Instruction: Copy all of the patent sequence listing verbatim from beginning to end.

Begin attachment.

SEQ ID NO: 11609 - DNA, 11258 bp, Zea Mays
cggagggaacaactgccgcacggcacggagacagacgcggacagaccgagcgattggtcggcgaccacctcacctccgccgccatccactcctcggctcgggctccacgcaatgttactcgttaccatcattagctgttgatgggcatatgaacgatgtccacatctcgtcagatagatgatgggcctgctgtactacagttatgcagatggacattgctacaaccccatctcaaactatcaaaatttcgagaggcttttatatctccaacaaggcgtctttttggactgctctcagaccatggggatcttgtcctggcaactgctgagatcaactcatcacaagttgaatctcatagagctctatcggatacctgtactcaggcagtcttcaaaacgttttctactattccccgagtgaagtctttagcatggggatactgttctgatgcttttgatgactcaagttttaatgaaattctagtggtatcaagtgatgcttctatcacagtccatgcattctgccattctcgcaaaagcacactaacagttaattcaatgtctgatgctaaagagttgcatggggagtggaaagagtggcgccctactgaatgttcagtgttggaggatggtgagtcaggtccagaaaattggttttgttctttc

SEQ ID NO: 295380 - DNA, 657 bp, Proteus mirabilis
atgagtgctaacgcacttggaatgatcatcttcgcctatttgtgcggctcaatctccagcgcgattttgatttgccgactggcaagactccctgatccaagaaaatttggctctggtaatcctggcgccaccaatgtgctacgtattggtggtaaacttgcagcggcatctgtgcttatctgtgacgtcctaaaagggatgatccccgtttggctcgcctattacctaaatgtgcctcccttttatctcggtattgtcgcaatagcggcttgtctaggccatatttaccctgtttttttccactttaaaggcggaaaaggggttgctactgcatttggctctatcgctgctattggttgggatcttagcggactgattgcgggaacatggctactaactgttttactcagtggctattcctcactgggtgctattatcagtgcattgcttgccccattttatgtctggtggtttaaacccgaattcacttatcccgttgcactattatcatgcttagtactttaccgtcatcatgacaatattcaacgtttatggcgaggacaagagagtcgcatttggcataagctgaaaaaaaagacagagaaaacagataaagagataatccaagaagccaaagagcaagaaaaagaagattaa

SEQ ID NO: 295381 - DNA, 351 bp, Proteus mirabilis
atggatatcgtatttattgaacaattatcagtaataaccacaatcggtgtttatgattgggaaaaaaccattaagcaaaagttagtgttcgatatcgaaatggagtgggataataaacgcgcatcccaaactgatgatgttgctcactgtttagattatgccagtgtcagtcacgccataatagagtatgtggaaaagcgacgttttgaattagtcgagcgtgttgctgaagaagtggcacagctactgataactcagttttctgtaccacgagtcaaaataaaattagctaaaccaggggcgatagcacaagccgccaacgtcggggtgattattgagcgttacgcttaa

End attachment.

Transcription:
SEQ ID NO: 11609 - DNA, 11258 bp, Zea Mays
cggagggaacaactgccgcacggcacggagacagacgcggacagaccgagcgattggtcggcgaccacctcacctccgccgccatccactcctcggctcgggctccacgcaatgttactcgttaccatcattagctgttgatgggcatatgaacgatgtccacatctcgtcagatagatgatgggcctgctgtactacagttatgcagatggacattgctacaaccccatctcaaactatcaaaatttcgagaggcttttatatctccaacaaggcgtctttttggactgctctcagaccatggggatcttgtcctggcaactgctgagatcaactcatcacaagttgaatctcatagagctctatcggatacctgtactcaggcagtcttcaaaacgttttctactattccccgagtgaagtctttagcatggggatactgttctgatgcttttgatgactcaagttttaatgaaattctagtggtatcaagtgatgcttctatcacagtccatgcattctgccattctcgcaaaagcacactaacagttaattcaatgtctgatgctaaagagttgcatggggagtggaaagagtggcgccctactgaatgttcagtgttggaggatggtgagtcaggtccagaaaattggttttgttctttc

SEQ ID NO: 295380 - DNA, 657 bp, Proteus mirabilis
atgagtgctaacgcacttggaatgatcatcttcgcctatttgtgcggctcaatctccagcgcgattttgatttgccgactggcaagactccctgatccaagaaaatttggctctggtaatcctggcgccaccaatgtgctacgtattggtggtaaacttgcagcggcatctgtgcttatctgtgacgtcctaaaagggatgatccccgtttggctcgcctattacctaaatgtgcctcccttttatctcggtattgtcgcaatagcggcttgtctaggccatatttaccctgtttttttccactttaaaggcggaaaaggggttgctactgcatttggctctatcgctgctattggttgggatcttagcggactgattgcgggaacatggctactaactgttttactcagtggctattcctcactgggtgctattatcagtgcattgcttgccccattttatgtctggtggtttaaacccgaattcacttatcccgttgcactattatcatgcttagtactttaccgtcatcatgacaatattcaacgtttatggcgaggacaagagagtcgcatttggcataagctgaaaaaaaagacagagaaaacagataaagagataatccaagaagccaaagagcaagaaaaagaagattaa

SEQ ID NO: 295381 - DNA, 351 bp, Proteus mirabilis
atggatatcgtatttattgaacaattatcagtaataaccacaatcggtgtttatgattgggaaaaaaccattaagcaaaagttagtgttcgatatcgaaatggagtgggataataaacgcgcatcccaaactgatgatgttgctcactgtttagattatgccagtgtcagtcacgccataatagagtatgtggaaaagcgacgttttgaattagtcgagcgtgttgctgaagaagtggcacagctactgataactcagttttctgtaccacgagtcaaaataaaattagctaaaccaggggcgatagcacaagccgccaacgtcggggtgattattgagcgttacgcttaa